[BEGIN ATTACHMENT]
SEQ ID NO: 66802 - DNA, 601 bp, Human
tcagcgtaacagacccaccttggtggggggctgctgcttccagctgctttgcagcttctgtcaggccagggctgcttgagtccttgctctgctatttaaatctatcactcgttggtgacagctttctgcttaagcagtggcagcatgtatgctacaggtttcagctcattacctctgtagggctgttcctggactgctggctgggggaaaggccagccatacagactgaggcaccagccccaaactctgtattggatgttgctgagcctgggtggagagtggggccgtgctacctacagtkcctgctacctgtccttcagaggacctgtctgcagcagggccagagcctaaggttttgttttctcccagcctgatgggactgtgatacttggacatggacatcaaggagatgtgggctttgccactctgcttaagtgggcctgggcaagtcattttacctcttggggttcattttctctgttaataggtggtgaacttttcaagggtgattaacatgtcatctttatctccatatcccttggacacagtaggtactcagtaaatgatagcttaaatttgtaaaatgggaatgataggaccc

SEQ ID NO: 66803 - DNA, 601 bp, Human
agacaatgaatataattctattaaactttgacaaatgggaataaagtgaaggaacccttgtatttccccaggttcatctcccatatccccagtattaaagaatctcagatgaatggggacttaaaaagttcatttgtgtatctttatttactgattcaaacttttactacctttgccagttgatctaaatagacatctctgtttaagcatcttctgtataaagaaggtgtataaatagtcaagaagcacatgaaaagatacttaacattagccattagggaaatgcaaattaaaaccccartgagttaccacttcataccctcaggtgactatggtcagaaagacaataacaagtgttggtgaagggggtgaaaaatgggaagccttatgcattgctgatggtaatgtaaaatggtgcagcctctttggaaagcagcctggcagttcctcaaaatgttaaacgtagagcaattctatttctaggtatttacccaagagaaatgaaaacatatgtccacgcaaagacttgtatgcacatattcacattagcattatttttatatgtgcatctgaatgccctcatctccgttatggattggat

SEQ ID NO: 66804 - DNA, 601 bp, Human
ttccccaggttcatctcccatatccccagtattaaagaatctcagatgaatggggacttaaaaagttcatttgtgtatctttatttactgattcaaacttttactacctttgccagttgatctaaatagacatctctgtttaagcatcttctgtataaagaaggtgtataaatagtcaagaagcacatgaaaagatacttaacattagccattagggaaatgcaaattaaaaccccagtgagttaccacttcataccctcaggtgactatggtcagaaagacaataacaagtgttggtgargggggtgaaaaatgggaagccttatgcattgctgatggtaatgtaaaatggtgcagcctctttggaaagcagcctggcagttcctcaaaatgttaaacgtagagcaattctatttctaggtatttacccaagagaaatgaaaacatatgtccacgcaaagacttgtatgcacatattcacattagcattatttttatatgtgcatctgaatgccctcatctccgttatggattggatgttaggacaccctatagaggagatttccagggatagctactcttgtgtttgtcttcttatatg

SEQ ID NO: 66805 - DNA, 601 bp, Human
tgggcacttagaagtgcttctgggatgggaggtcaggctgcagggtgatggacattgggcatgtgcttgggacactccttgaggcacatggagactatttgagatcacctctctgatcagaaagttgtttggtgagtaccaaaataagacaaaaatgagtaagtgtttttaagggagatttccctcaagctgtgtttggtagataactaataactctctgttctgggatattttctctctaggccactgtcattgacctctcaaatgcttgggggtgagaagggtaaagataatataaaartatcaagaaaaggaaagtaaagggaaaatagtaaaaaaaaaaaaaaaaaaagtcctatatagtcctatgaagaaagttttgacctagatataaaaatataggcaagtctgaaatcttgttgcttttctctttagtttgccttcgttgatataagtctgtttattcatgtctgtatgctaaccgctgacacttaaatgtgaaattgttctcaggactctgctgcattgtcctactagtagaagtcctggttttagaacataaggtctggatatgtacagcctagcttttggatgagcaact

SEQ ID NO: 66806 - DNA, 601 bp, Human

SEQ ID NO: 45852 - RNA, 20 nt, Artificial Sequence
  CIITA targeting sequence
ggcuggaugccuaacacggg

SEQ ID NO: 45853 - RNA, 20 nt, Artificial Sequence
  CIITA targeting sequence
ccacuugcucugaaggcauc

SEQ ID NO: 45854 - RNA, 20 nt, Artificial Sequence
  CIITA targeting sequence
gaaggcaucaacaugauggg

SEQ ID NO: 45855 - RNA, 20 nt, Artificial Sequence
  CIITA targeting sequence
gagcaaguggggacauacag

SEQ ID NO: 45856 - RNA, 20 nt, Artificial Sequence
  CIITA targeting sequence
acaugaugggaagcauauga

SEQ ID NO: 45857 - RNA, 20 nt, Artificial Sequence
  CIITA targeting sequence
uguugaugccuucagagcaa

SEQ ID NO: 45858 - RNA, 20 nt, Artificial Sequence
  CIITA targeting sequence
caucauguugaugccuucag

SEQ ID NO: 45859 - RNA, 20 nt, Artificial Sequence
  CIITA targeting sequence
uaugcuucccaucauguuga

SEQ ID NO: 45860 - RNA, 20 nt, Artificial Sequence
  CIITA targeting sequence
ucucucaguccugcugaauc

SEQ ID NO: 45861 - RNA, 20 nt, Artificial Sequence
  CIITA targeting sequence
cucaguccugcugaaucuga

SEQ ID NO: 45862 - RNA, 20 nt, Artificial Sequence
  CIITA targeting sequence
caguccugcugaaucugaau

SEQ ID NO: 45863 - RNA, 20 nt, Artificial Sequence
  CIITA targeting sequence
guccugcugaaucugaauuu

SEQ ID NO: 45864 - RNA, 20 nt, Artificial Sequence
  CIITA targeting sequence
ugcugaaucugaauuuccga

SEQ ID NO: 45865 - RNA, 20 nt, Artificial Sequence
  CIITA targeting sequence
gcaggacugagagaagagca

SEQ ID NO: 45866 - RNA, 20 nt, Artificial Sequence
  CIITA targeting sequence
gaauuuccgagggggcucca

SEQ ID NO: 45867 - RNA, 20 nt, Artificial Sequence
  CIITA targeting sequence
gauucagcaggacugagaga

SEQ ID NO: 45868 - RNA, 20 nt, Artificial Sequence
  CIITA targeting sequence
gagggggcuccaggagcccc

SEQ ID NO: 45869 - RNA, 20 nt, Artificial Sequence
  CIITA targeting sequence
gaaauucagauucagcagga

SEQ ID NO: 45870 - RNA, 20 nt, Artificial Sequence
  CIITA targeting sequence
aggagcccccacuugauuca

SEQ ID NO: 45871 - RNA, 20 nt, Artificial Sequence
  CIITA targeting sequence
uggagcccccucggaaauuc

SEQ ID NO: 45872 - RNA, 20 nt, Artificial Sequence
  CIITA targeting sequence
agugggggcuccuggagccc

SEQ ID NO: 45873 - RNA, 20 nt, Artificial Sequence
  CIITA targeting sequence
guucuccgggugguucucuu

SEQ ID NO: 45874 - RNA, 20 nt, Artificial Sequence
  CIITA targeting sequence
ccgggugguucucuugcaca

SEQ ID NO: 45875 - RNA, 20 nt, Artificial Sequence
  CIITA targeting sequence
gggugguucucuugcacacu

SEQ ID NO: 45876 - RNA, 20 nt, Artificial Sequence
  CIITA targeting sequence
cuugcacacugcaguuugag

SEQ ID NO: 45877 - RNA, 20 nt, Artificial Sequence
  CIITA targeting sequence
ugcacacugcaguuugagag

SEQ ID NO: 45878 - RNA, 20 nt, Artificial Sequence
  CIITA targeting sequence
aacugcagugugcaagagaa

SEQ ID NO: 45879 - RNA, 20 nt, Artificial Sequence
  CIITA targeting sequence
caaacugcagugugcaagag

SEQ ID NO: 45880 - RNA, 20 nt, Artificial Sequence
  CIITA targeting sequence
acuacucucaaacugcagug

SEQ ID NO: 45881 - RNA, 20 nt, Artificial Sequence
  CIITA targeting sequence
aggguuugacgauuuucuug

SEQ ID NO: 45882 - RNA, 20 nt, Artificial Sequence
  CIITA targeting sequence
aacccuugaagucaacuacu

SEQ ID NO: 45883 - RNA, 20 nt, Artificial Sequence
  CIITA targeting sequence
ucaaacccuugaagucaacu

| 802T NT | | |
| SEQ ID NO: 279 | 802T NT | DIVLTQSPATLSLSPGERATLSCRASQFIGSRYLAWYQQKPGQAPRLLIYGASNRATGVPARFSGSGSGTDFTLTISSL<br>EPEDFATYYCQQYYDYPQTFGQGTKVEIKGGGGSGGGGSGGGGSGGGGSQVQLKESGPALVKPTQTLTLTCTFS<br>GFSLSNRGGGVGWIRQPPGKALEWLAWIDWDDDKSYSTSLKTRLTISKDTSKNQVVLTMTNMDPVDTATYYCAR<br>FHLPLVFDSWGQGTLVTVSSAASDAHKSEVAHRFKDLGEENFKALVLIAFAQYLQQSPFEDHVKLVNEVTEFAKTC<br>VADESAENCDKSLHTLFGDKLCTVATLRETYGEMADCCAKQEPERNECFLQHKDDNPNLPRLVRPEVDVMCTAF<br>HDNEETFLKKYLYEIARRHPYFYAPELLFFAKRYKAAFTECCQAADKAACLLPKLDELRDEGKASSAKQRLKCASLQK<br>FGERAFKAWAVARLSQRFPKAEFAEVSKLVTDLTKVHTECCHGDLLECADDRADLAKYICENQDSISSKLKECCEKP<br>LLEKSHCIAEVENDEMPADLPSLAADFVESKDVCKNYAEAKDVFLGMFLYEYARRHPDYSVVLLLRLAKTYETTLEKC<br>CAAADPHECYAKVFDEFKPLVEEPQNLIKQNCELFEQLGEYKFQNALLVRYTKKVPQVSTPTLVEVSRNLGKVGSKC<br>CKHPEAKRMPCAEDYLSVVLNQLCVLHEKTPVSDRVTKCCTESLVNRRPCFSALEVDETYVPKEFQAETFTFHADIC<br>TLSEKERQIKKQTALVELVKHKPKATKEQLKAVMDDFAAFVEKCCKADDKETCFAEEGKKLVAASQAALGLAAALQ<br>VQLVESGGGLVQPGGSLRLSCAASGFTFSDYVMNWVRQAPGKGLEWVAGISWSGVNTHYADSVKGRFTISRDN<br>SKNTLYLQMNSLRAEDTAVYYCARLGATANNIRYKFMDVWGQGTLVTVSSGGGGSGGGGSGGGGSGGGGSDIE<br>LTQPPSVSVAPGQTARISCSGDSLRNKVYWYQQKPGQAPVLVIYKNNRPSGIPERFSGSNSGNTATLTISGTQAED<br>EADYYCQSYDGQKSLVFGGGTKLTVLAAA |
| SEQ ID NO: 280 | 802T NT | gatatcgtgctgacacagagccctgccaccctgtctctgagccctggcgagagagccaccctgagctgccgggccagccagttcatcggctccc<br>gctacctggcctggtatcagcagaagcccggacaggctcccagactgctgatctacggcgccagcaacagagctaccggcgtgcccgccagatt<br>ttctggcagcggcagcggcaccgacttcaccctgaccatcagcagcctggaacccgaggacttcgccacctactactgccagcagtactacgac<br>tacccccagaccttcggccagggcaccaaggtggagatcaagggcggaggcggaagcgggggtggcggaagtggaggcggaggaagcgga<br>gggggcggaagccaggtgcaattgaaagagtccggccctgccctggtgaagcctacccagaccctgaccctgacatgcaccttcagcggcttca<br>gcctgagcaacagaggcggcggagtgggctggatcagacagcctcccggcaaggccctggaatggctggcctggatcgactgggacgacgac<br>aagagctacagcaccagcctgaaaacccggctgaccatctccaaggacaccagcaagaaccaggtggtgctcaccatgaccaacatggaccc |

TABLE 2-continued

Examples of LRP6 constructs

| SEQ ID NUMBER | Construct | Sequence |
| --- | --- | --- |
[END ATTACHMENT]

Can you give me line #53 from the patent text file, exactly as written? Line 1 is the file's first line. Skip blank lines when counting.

  CIITA targeting sequence